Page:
Thursday, August 13, 2015

200 days

This stoner Lithuanian freestyle bongo and guitar group has been to Utah and to Idaho to play the Pocatello music festival.  The #lithuaniaexpress informed them that he can play the ukulele, and was invited to jam anytime.    Also, 200 days!

In just over a week, Elder Petersen will have been serving as an LDS missionary amongst the people of Lithuania for 18 months.  Just last week, he crossed the 200 day mark.  It's taken a long time to get to the downward slope of Willie's mission, but it really feels now that he is so close to coming home.

We are already in the middle of August.

Then it will be Christmas day and we will be able to Skype with him.

Then it will be February and it will be time to head to the airport and embarrass ourselves and him with our airport antics.  Actually, maybe we will play it cool.  He will probably come home at a crazy time, hopefully when the airport isn't too crowded so that when my mom SCREAMS as her only son descends the escalator towards her, security won't think there is some sort of terrorist attack taking place.  But, I bet it Salt Lake, those sort of motherly screams are heard at the airport by luggage claim quite a bit.

We spend a lot of time talking about when Willie will come home.  When he left 18 months ago, time was just at a stand still.  It moved on of course, but so slowly.  We knew he was healthy and safe and doing what was important for him, but man alive we missed him.  His contagious laughter, his plopping on the couch, his occasional brooding, even his farting.  Well, maybe not that.  His presence just left a hole.  A giant albino hole.

That hole gets filled on Monday mornings.  Monday mornings are the best.  For about three minutes.  Those three minutes it takes me to read his letter before I get in the shower, and the next three minutes to look at the pictures he's uploaded into dropbox make getting up on Monday mornings worth it every single week.  I haven't missed writing my BiG Iggy brother one week his entire mission and he hasn't missed writing us.  He's been late a couple of times, leaving my mom and sister and I in a three way texting frenzy, but those letters are life blood when such an important person is gone from you.  His goofy personality shines through in those letters and its usually enough to get you through to the next Monday.  I find myself looking at those pictures several times throughout the week and during sacrament meeting on Sunday's, Elliott and I look through them.  It's not the same as him being next to us, petting our shoulders with his giant paws, but it does alright just the same.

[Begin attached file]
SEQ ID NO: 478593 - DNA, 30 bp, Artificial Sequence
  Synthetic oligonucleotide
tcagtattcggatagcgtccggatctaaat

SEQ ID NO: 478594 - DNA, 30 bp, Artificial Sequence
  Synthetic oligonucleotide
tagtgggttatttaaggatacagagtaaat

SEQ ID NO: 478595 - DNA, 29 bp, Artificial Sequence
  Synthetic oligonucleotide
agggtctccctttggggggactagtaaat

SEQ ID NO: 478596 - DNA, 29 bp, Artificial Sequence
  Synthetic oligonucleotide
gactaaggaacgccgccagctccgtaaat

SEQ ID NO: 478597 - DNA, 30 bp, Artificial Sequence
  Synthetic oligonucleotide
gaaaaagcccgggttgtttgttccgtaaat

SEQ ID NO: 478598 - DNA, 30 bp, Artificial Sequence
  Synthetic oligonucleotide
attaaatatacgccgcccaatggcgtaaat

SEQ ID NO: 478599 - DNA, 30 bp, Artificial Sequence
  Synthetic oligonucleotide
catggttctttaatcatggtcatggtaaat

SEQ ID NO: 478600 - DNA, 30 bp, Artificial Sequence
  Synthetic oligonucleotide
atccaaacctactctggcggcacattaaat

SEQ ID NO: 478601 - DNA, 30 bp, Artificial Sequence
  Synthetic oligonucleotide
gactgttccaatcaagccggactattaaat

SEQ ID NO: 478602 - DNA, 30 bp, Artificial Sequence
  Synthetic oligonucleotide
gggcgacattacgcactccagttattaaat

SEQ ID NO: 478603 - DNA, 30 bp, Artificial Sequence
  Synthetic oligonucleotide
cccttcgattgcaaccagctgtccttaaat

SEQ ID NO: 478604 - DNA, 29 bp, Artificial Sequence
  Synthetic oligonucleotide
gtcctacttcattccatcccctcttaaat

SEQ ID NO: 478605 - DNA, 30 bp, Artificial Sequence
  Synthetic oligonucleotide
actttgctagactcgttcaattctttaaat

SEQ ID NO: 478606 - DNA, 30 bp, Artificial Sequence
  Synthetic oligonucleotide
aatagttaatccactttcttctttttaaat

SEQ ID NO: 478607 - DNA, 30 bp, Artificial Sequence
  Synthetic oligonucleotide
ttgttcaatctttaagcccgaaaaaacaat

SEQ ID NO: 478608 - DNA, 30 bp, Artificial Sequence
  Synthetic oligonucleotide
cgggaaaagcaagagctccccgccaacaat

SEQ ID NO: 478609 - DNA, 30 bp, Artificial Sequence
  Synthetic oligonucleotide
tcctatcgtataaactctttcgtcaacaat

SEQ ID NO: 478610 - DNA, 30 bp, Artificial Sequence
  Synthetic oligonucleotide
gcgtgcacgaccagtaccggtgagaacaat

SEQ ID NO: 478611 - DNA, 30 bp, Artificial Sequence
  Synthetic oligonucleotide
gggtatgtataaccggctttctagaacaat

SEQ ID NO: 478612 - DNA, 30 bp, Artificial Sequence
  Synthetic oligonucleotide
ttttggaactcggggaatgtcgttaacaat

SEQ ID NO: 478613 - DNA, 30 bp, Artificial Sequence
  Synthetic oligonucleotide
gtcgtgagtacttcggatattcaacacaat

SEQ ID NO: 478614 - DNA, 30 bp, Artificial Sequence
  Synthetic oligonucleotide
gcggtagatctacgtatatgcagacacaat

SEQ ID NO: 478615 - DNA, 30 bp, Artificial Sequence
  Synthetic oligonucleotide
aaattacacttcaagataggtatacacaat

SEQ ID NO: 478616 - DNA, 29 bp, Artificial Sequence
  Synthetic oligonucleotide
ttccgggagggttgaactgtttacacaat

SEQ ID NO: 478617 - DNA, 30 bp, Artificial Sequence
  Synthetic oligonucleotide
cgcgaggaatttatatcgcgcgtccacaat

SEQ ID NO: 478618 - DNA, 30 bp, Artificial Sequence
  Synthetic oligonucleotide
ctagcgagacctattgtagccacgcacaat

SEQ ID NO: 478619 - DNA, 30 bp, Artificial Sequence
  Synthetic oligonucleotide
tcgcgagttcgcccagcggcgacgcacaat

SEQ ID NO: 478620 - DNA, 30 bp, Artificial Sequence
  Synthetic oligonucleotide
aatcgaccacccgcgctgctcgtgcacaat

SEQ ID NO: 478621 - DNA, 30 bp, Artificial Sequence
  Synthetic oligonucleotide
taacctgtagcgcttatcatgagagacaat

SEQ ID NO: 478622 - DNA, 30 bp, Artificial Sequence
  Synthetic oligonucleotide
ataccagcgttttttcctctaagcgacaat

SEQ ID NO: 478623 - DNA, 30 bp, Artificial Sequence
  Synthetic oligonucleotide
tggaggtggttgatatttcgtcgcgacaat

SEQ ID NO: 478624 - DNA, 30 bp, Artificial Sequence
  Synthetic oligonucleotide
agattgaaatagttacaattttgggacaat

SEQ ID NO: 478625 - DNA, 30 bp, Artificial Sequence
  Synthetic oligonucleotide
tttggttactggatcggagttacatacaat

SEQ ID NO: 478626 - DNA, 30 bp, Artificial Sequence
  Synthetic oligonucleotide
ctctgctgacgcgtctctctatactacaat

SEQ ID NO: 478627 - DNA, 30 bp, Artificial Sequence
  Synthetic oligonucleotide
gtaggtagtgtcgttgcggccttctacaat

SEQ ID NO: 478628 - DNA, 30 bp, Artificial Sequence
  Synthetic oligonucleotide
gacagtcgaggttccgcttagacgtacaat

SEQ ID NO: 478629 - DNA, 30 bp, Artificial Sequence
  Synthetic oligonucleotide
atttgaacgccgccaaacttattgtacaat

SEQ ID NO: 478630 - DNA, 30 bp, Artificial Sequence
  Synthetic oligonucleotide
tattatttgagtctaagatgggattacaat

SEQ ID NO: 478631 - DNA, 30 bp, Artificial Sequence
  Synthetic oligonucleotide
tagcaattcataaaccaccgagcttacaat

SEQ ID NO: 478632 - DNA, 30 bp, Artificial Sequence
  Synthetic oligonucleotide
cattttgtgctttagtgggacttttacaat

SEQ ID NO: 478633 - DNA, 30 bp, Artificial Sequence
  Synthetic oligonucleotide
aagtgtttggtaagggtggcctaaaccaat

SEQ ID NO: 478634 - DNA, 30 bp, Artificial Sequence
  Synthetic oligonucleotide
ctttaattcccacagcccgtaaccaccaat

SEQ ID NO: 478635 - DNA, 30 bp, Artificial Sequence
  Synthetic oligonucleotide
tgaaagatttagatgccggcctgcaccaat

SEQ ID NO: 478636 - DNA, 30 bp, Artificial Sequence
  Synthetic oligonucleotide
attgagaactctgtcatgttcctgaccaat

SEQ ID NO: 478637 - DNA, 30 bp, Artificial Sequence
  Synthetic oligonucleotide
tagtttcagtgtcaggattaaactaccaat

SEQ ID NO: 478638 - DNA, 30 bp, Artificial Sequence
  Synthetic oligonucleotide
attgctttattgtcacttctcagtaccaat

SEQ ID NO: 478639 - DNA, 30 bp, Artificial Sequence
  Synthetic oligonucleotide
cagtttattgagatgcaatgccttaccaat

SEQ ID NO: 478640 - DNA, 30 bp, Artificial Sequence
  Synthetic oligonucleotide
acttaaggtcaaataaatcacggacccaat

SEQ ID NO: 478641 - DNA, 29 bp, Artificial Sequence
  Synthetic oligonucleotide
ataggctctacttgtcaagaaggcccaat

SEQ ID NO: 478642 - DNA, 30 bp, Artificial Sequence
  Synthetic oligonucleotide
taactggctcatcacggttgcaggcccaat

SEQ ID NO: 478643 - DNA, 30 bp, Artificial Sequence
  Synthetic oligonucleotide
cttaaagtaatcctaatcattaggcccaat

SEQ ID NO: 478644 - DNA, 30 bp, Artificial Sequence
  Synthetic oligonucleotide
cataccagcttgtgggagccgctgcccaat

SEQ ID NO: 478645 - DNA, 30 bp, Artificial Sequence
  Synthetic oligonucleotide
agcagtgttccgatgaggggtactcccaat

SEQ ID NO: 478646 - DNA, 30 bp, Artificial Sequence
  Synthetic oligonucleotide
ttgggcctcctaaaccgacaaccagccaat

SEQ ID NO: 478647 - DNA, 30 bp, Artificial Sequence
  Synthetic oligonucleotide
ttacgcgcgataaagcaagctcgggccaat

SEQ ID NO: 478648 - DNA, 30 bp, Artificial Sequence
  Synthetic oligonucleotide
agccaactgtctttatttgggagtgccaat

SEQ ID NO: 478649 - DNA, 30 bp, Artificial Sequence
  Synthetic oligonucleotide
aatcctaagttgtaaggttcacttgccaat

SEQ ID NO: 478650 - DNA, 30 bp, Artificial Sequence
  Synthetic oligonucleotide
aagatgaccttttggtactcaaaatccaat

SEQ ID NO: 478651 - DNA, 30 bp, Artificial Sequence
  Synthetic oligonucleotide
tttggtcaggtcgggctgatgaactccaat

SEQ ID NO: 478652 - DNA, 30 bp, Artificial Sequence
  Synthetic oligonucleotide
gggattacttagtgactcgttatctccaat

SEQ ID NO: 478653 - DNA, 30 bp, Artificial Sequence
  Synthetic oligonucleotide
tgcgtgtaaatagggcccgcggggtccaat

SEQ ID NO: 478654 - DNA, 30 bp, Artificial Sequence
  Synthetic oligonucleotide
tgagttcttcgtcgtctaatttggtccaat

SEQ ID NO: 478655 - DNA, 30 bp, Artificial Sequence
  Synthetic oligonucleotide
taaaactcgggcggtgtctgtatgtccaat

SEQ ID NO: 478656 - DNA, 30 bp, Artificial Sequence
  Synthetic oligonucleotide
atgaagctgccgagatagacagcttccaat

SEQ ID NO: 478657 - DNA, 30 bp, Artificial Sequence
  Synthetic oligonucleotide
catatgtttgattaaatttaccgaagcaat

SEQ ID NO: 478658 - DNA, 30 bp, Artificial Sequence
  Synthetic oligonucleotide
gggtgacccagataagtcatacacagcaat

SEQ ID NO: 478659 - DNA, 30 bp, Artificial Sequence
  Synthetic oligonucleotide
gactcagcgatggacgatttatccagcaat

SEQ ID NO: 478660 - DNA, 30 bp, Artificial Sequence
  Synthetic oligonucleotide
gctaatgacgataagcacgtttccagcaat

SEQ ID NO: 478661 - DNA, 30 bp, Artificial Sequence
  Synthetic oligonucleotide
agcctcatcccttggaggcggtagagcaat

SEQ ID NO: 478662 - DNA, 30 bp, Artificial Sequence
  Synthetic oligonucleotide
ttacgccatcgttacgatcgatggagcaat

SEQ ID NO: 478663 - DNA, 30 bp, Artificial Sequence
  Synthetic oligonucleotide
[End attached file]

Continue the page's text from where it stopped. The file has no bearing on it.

We talk about what life will be like when he gets home.  Will he be weird?  How long will it take for him to just lay on the couch and watch "Regular Show" and "Sponge Bob" all day long?  Will he like music?  Will he be funny?  Will he be too serious?  Will he get mad at us for not being "SPiritual" enough?

I've thought about sending him a "Missionary Detox" kit to use on the airplane on the ride home.  Mostly, it would just consist of an ipod shuffle full of all the awesome music he's missed in the last two years.  Elliott, Wyatt  and I have been compiling a list of the music we think he needs to hear, to help him get back to normal.  It's a pretty good list, too.  My boys have good taste in music.  I mentioned it to Willie in a letter and his only response was, "DON"T VIOLATE ANY MISSION RULES!"

Yep, 6 more months.


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